The primary reasons people want to move out of Wayne County are housing-related.  Residents feel their homes are too expensive, too big, too small, or too close to town.  Additionally, there is a reported lack of quality homes/apartments available, and few options for downsizing or assisted living in preferred locations.

One of FWC’s program pillars is Neighborhood Development, which focuses on the community-led revitalization of spaces that enhance the lives of residents.  Survey respondents report that they would like to see improved public and private property maintenance, more parks, and increased safety precautions throughout the county.  With these priorities identified, FWC can help residents define “development” for their own neighborhood, and discover and mobilize existing resources to work towards stabilizing, revitalizing, and enriching their community.

Quality of Place

Finally, our survey asked residents about how they perceive the “quality of place” in Wayne County.  Is it a great place to work?  Raise kids?  Is it a beautiful area, with fun things to do?  Nationwide, these are the types of things that incentivize young families to stay in, and move to, a particular place.

The majority of residents strongly agree that Wayne County is an affordable place to live, with many options for an active lifestyle.  There is equal agreement that Wayne County is a beautiful area, a great place to raise kids, and there are good schools in the area.  However, most residents agree that there are not many fun things to do, and few “great” jobs in the county.

In 20 years, residents’ top three priorities for Wayne County include: a stronger local economy, thriving small businesses, and restored historical charm.  When asked if their town has a “vibrant” center, 15% of residents said, “yes,” while an additional 40% said “not yet,” indicating optimism about the future state of the county.  “Modernized town centers” is a top-three priority for 19% of residents, who define a “vibrant” downtown as having retail and restaurants, regular community events, and family–friendly entertainment.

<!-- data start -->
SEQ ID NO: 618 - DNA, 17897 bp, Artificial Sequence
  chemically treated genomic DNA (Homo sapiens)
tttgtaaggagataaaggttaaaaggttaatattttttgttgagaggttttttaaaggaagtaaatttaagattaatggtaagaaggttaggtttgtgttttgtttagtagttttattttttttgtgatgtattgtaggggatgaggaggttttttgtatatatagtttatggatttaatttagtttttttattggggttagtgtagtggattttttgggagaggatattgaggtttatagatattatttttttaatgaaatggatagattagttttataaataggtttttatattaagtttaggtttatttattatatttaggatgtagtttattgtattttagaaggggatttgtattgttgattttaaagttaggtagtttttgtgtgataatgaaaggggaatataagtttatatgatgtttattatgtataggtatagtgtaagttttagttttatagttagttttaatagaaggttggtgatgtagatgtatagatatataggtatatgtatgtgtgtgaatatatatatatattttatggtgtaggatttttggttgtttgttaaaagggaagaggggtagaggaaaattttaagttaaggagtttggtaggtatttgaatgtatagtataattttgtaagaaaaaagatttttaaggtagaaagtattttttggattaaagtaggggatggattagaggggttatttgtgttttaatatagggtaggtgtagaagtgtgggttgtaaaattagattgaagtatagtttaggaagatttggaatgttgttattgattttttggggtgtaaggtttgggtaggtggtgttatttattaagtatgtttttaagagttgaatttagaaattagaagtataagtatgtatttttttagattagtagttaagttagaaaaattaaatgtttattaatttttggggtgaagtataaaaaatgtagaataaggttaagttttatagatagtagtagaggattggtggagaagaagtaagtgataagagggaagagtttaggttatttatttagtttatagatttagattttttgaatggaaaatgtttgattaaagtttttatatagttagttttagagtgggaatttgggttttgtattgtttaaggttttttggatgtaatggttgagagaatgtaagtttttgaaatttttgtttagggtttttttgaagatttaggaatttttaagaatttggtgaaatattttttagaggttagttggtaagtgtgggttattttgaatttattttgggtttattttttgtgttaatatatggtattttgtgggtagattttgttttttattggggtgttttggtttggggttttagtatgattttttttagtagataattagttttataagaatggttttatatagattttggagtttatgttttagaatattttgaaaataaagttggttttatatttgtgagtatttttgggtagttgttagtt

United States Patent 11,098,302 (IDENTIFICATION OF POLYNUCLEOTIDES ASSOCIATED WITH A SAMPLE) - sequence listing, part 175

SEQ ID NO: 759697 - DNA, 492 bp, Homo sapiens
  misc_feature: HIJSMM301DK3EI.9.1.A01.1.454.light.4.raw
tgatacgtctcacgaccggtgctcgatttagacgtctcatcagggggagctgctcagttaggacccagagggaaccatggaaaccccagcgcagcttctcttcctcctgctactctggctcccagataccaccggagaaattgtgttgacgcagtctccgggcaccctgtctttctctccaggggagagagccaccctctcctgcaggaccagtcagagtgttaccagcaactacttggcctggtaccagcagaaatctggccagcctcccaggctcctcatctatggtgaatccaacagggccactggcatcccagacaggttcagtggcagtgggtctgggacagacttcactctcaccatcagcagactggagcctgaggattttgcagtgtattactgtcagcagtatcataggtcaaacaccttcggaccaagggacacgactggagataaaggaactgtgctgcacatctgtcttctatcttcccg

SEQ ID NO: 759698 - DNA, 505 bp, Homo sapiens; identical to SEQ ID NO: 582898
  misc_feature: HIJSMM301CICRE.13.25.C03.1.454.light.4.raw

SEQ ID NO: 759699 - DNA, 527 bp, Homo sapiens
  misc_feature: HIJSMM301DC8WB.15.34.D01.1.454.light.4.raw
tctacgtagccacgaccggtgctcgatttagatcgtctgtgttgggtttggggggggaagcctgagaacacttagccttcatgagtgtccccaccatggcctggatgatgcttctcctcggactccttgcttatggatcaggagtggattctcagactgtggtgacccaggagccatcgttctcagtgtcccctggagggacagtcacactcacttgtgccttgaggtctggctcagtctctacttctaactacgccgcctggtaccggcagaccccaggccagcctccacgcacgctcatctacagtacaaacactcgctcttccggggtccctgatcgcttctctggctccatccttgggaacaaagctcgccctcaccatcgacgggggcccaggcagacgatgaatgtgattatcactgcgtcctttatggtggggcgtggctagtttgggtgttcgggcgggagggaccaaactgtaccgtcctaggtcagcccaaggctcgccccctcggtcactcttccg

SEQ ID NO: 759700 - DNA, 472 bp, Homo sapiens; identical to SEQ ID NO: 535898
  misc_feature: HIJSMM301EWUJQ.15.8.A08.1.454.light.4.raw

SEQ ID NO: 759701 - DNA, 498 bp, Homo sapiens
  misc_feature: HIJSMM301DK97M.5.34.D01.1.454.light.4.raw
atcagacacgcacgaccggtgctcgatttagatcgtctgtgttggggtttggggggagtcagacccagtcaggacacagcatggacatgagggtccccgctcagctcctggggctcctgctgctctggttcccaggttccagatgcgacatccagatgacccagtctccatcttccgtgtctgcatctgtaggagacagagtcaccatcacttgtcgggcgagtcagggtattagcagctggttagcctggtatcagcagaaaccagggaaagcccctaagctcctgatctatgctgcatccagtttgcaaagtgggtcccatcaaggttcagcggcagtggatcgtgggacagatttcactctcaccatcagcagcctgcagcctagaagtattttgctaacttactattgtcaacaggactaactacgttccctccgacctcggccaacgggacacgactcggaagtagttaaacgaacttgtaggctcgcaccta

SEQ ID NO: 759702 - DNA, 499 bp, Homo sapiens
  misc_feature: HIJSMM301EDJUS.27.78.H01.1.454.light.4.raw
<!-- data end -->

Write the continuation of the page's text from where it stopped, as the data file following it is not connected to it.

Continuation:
FWC is addressing improved quality of place through multiple programs targeting employability, arts, and culture.  Our Employability Coalition connects residents with available employment and training opportunities, and works to attract businesses to our communities and leverage existing opportunities for economic growth.  In conjunction with our workforce development initiatives, FWC is also supporting arts and culture programs to improve communities, address social and civic needs, and foster broader organizational change. 

Our Commitment to Our Shared Future

Guided by the experiences, observations, and opinions of our fellow residents, the team at FWC is excited to continue developing community-led initiatives that target Wayne County’s top priorities and concerns.  In these uncertain times, it is more important than ever to ensure our programs are well aligned with both current and evolving needs, and this survey provided us with that invaluable knowledge.

Through this survey, we learned that Wayne County has many unique assets, and many opportunities for creative, community-defining growth.  With a greater level of community involvement, increased cultural amenities, and a comprehensive workforce development infrastructure, Wayne County will be well positioned to attract and retain the next generation of local business and community leaders.